Reprising the character of Robert Langdon for the third time is obviously giving Tom Hanks sweaty nightmares: At the start of “Inferno,” he wakes up drenched, bloody and having flashbacks to some kind of medieval battle re-enactment. Why is he here, in this bed, with these tubes? That’s the city of Florence, Italy, outside the hospital window, he knows that much, but all recollection of having got there has been wiped from his memory — that’s the last time Langdon flies economy.
Suddenly, Felicity Jones is standing in front of him, saying she’s Dr. Sienna Brooks and that she’s been a big fan of his work since she was a little girl, but that he wouldn’t remember because he’s suffering “mild retrograde amnesia” after being shot in the head. We don’t have time to hang about to get the medical low-down on what Hanks’ hellish visions might mean because a gun-toting (yet slightly hot) female member of the carabinieri is arriving, leading Dr. Brooks and Professor Langdon to start running, embarking on a sort of mild, touristy jog that will see them through the rest of this epically tiresome movie.
In Dr. Brooks’ apartment we learn that Langdon has possession of a secret capsule thing (a “bio-tube, government issue, thumbprint-recognition enabled”) inside of which is something called a “Faraday pointer,” which projects an image of Botticelli’s Map of Hell illustration on to the wall. Only this image of Dante’s vision has been altered, some letters placed on various characters’ legs and heads. What could it be? “An anagram,” concludes Dr. Brooks. It’s clear these two puzzle pals are going to get along.
Soon enough that hot carabiniera is back, this time with an armed task force from the World Health Organization in tow, as well as some interesting Euro actors: Omar Sy as Inspector Bouchard, and Sidse Babett Knudsen (“Westworld”) as Elizabeth Sinskey, who may or may not have a previous relationship with Langdon.
A quick shower and the remarkable Langdon is off again, with the age-inappropriate Dr. Brooks, bunking over the wall to the Boboli Gardens, pursued by WHO drone. (Wait, I hear you ask, the WHO have guns and drones?) Sienna has recorded a fragment of Langdon’s rambling on her iPhone and, although it sounds like “Very sorry, very sorry,” he eventually works out that he’s really saying “Vasari, Vasari,” in reference to the artist who painted a fresco in the Palazzo Vecchio. Oh Langdon, you card, how did it take you so long?
Directing a Dan Brown adaptation for the third time (following “The Da Vinci Code” and “Angels & Demons”), Ron Howard allows all manner of contrivances to pile up in David Koepp‘s screenplay, as if relying on constant reference to Dante’s Divine Comedy would make people think, “Ooh, this is clever stuff.”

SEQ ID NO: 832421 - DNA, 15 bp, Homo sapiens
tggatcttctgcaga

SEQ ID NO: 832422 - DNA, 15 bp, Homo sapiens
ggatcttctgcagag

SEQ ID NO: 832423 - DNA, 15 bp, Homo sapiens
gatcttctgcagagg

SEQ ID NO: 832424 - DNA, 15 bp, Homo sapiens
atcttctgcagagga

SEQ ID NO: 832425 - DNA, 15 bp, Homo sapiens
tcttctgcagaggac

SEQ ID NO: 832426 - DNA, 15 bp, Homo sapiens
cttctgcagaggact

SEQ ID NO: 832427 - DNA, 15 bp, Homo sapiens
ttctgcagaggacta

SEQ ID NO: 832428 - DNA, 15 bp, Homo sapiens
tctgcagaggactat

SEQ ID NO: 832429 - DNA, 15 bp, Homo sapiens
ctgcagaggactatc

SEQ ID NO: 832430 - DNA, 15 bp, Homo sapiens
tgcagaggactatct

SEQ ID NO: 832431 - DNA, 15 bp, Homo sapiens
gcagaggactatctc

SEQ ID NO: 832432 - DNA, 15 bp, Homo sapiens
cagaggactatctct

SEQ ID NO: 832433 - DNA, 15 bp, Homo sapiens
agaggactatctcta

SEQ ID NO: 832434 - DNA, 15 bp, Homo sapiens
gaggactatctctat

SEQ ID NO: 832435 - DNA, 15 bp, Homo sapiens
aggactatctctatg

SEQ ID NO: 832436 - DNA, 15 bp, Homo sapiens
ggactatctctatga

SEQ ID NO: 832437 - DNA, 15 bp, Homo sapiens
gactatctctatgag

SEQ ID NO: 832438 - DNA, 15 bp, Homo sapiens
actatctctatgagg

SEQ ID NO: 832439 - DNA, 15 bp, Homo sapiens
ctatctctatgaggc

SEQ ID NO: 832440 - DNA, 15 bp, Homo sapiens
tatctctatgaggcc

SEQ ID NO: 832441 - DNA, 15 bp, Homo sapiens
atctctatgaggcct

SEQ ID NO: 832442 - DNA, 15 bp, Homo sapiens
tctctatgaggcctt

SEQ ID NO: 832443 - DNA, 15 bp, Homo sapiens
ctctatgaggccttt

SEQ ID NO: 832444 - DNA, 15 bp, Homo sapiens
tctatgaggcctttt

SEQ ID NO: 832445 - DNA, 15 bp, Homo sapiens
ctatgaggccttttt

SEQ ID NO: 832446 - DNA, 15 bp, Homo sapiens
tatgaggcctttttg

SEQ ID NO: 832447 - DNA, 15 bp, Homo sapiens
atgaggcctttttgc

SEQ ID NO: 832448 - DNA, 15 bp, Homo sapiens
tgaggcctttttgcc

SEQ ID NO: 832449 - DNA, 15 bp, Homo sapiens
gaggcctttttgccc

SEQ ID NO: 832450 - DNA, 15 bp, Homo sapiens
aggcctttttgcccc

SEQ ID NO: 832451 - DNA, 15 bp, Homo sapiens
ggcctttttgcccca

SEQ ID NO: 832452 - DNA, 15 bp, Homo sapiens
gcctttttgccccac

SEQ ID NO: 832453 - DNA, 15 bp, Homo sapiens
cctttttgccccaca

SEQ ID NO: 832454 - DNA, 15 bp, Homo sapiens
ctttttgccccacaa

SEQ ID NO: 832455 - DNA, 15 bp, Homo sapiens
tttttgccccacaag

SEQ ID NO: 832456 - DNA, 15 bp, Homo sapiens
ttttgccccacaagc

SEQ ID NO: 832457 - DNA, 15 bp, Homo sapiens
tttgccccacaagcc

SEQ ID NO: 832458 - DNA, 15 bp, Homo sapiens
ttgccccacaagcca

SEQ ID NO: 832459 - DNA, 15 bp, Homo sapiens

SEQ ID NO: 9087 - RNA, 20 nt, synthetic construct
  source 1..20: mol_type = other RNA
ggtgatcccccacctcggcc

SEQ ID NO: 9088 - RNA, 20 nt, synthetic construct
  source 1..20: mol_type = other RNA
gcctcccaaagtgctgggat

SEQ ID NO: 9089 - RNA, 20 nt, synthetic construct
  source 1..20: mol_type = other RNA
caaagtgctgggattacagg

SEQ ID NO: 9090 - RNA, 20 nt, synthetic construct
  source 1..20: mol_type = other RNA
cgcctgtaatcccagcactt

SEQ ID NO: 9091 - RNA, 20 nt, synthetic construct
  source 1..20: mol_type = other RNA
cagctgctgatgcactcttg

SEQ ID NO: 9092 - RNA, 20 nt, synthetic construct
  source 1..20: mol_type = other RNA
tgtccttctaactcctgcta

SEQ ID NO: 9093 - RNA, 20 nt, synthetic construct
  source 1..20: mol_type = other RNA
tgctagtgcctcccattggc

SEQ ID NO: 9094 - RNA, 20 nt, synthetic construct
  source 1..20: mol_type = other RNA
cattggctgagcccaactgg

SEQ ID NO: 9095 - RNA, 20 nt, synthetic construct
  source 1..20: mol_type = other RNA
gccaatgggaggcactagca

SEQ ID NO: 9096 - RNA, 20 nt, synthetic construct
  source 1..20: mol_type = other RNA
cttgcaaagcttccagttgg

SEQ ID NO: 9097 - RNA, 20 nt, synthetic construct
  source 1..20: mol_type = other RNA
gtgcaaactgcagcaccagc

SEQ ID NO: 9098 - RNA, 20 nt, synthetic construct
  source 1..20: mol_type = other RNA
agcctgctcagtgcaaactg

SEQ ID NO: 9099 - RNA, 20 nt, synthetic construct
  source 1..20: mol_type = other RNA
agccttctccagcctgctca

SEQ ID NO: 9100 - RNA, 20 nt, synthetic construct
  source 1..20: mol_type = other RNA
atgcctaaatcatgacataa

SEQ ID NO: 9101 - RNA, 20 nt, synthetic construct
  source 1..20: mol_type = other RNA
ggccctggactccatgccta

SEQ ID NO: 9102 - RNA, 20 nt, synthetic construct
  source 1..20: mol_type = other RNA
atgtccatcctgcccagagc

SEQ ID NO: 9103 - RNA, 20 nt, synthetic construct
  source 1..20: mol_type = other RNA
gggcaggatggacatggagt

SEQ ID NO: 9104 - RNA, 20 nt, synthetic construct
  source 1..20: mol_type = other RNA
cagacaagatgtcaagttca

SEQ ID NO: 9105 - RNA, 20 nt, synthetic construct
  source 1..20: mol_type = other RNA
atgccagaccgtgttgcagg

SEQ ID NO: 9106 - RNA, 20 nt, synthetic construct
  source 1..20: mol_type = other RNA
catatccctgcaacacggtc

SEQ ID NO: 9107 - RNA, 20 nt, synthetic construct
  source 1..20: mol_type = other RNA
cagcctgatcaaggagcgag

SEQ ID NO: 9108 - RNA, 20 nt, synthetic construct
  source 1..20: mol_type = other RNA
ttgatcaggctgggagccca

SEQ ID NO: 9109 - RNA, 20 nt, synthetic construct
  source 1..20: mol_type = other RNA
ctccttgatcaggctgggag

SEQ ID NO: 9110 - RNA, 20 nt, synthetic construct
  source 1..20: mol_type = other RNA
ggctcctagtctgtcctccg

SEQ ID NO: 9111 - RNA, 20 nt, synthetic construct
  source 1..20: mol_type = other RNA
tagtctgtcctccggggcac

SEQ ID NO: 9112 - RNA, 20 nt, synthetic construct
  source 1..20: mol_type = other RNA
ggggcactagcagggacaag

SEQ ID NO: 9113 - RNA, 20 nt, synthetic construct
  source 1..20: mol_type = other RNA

“Inferno” isn’t just a Dante reference, however: it turns out it’s also the name of a killer virus that crazed technology billionaire Bernard Zobrist (Ben Foster, everybody’s go-to for crazy characters) has invented and is about to unleash on the world, a plague to wipe out billions of people and to save the planet from overpopulation. Except that Zobrist is actually now dead but Langdon and Sienna must yet dash off a few more locations — Venice, Istanbul — and other people must keep telling us there are only 12 hours, or 8 hours, or 15 minutes until the “deadly pathogen” is released.
Even so, there’s just time for Irrfan Khan (“Jurassic World”) to have some fun (nice to see someone enjoying themselves, at least) with his shady Provost character who sweeps in to explain away great gaps of plot, the plodding unpicking of which we then have to sit through, again, reminding us just how ridiculously dull the past two hours have indeed been.
Howard seems to have given up all semblance of directing by the climax, which is a flurry of close-quarter struggles in a red subterranean Turkish bath, with Langdon splashing about and tussling with some Turkish thug who can’t even beat up an amnesiac professor played by a wheezing Tom Hanks. Felicity Jones‘s dabbles with the thriller genre without her ever bringing much excitement, let alone actual thrills, to the proceedings.
“Inferno” has very little to recommend, its crushing dullness not even alleviated by laughable silliness. I kept hoping a Wayans brother would pop in and signal it was all one big genre parody, and when you’re fervently wishing for a Wayans, you know you’re in trouble.
Not scary, not funny, lazily-scripted, bafflingly plotted, devoid of tension and lacking any semblance of character development (not even good ol’ Tom Hanks can do anything interesting with Langdon’s self-absorbed pomposity), “Inferno” is stuck in a cinematic limbo, neither here nor there, not bad enough to be entertaining, but not good enough to admit how terrible it really is. If, as has occasionally been said, film critics reside in the eighth circle of hell, then Ron Howard‘s “Inferno” must be what’s screening in Purgatory.